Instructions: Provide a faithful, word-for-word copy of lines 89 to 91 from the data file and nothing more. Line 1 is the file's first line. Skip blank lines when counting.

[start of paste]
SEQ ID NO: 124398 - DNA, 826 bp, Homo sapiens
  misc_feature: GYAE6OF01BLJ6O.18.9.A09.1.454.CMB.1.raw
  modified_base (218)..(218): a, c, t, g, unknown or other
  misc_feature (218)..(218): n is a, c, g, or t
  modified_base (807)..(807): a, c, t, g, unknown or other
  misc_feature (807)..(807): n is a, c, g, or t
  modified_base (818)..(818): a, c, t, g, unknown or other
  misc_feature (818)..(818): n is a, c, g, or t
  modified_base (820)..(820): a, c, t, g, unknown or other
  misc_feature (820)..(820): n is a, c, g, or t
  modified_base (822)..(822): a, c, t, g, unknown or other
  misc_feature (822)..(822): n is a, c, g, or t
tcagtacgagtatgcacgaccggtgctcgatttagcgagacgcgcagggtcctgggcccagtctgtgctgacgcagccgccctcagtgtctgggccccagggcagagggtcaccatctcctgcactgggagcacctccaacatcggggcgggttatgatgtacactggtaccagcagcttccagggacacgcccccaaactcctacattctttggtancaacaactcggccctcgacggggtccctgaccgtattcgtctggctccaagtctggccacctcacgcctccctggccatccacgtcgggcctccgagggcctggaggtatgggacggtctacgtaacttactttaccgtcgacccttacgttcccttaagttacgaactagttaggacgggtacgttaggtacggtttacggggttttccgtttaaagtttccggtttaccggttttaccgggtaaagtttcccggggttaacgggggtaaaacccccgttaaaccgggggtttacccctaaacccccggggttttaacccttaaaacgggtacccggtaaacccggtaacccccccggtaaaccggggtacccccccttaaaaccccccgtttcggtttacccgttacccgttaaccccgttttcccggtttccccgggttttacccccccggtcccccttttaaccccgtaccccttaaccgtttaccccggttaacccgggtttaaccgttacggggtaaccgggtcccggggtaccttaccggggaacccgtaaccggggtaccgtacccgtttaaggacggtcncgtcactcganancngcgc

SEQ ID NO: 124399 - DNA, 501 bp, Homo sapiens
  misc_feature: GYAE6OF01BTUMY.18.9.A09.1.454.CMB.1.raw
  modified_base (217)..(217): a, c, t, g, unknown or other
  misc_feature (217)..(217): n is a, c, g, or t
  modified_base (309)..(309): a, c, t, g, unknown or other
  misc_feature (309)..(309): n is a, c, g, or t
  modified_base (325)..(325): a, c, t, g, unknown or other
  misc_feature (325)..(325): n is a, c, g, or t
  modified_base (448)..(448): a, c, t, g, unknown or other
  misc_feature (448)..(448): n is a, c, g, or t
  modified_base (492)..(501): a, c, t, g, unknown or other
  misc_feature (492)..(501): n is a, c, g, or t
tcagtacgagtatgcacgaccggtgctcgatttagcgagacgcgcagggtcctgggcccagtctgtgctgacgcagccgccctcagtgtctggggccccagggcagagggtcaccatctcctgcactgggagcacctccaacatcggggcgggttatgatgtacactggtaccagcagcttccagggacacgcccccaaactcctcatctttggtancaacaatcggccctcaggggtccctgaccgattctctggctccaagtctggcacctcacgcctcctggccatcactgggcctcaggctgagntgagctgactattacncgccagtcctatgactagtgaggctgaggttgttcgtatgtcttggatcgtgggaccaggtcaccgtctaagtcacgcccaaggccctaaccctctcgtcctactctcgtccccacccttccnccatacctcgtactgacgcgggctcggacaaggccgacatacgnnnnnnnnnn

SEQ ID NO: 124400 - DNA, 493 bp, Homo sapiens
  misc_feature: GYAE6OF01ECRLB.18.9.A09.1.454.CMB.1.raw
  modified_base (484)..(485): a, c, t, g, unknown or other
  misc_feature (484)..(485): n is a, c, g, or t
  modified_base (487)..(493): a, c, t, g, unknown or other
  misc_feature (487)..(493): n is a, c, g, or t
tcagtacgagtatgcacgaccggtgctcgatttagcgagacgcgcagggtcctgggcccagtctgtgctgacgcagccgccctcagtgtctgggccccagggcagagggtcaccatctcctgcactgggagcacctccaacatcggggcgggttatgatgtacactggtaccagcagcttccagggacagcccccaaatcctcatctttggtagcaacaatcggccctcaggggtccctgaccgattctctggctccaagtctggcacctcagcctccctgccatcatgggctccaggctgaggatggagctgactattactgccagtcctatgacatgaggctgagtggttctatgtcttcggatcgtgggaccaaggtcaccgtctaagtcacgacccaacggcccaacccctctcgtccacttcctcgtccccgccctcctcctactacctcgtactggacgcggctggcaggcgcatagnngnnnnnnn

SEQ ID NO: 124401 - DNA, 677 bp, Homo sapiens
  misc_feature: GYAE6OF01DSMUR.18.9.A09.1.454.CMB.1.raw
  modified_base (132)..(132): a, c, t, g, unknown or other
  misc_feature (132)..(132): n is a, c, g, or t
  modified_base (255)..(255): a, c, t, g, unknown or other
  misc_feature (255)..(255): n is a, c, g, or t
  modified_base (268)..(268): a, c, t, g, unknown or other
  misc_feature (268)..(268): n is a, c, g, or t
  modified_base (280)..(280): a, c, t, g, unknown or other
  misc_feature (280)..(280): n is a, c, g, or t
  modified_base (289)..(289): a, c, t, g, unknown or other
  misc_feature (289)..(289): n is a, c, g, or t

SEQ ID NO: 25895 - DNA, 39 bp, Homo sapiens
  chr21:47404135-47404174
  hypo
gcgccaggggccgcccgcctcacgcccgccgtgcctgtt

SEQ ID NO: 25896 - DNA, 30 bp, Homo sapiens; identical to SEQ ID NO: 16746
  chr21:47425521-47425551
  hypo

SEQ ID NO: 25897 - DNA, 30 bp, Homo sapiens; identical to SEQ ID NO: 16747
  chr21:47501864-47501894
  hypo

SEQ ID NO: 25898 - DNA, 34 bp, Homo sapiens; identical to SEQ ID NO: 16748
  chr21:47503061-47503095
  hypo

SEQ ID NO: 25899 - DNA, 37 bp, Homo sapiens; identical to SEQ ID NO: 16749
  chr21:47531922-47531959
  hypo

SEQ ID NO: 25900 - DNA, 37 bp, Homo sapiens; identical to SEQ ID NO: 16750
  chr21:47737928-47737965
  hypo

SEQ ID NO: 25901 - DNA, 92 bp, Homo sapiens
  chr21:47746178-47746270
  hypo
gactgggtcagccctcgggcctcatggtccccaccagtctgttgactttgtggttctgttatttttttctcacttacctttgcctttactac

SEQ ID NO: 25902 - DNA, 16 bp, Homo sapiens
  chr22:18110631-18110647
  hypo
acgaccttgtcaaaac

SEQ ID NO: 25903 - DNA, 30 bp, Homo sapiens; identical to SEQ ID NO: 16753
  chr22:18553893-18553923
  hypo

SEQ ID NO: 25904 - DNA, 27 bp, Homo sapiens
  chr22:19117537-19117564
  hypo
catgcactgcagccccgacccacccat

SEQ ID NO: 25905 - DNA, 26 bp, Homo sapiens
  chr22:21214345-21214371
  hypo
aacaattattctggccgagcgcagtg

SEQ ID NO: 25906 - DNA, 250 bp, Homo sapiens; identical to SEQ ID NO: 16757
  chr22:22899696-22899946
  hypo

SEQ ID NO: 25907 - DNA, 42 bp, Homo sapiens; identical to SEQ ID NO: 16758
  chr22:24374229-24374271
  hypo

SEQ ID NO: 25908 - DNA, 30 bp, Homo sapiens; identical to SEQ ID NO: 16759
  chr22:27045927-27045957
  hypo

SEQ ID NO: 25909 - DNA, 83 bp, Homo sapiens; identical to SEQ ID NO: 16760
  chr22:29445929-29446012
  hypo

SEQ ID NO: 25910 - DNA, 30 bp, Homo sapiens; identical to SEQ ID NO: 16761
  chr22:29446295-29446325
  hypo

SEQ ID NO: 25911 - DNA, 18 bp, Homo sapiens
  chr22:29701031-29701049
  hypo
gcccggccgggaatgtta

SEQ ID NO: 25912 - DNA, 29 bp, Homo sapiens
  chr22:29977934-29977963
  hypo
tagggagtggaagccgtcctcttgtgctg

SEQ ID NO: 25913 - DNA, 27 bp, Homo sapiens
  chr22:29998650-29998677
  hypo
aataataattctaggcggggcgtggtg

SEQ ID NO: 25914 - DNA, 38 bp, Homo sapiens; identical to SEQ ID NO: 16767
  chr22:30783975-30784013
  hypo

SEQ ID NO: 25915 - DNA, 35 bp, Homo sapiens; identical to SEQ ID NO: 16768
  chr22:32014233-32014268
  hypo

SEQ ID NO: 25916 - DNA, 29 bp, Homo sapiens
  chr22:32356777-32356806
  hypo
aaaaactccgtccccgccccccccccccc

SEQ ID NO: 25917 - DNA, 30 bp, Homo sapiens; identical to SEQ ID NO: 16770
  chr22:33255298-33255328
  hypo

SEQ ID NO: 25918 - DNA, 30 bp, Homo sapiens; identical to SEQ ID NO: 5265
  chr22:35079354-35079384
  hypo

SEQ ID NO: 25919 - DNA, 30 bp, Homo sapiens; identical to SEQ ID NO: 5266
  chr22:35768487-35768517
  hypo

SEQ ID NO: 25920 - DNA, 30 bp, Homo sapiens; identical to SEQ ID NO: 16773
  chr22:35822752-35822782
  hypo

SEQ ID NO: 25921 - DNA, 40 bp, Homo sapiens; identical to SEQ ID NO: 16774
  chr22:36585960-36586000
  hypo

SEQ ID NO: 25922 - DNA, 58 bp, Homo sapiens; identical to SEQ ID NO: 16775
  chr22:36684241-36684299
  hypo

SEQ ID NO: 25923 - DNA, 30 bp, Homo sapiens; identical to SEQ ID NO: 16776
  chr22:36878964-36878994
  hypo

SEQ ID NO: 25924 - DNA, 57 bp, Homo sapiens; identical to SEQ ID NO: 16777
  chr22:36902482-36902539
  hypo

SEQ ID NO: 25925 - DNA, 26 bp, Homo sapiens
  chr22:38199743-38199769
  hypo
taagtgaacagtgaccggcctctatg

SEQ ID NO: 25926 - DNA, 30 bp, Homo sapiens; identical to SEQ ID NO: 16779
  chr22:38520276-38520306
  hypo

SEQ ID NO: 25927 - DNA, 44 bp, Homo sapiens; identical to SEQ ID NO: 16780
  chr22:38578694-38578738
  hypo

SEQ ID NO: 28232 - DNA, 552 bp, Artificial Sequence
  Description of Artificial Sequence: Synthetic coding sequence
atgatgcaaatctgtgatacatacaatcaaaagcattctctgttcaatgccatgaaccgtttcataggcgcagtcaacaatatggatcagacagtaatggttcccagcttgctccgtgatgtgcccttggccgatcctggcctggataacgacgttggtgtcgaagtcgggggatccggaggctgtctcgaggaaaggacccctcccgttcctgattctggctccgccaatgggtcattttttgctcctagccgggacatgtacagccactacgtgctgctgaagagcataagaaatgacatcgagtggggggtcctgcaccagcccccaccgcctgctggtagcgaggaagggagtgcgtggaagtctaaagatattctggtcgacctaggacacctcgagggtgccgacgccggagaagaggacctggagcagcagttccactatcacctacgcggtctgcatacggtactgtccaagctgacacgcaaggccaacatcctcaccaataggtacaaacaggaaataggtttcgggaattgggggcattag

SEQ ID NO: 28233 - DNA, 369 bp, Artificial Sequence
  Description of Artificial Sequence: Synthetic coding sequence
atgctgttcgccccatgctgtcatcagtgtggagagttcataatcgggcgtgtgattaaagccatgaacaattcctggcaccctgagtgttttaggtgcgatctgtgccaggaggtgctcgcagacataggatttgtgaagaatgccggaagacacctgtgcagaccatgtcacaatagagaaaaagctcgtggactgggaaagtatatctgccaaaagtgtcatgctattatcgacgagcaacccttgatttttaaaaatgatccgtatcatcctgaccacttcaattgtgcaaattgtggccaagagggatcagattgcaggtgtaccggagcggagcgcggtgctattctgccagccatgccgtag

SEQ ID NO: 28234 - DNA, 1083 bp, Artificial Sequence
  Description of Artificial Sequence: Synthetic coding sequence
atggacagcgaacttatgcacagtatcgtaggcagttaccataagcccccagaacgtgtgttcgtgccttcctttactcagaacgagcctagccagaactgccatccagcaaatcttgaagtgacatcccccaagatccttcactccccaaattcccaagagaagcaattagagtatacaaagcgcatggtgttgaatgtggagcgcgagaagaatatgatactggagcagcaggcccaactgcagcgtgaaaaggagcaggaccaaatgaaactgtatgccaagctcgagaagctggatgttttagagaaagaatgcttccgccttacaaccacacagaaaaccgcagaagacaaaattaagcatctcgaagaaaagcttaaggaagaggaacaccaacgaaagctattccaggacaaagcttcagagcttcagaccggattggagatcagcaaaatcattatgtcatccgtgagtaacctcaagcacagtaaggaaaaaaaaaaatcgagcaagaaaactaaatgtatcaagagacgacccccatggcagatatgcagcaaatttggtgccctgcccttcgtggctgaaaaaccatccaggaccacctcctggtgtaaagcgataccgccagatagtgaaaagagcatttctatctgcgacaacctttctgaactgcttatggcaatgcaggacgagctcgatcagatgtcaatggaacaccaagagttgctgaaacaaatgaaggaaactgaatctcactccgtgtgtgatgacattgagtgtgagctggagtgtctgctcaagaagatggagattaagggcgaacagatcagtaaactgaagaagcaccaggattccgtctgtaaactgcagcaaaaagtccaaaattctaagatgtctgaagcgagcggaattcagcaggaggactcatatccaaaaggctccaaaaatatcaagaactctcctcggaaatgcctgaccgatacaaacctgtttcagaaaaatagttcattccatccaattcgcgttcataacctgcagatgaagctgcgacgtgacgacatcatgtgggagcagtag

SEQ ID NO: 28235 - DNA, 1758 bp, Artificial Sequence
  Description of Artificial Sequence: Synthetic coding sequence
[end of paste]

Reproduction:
  hypo

SEQ ID NO: 25908 - DNA, 30 bp, Homo sapiens; identical to SEQ ID NO: 16759
  chr22:27045927-27045957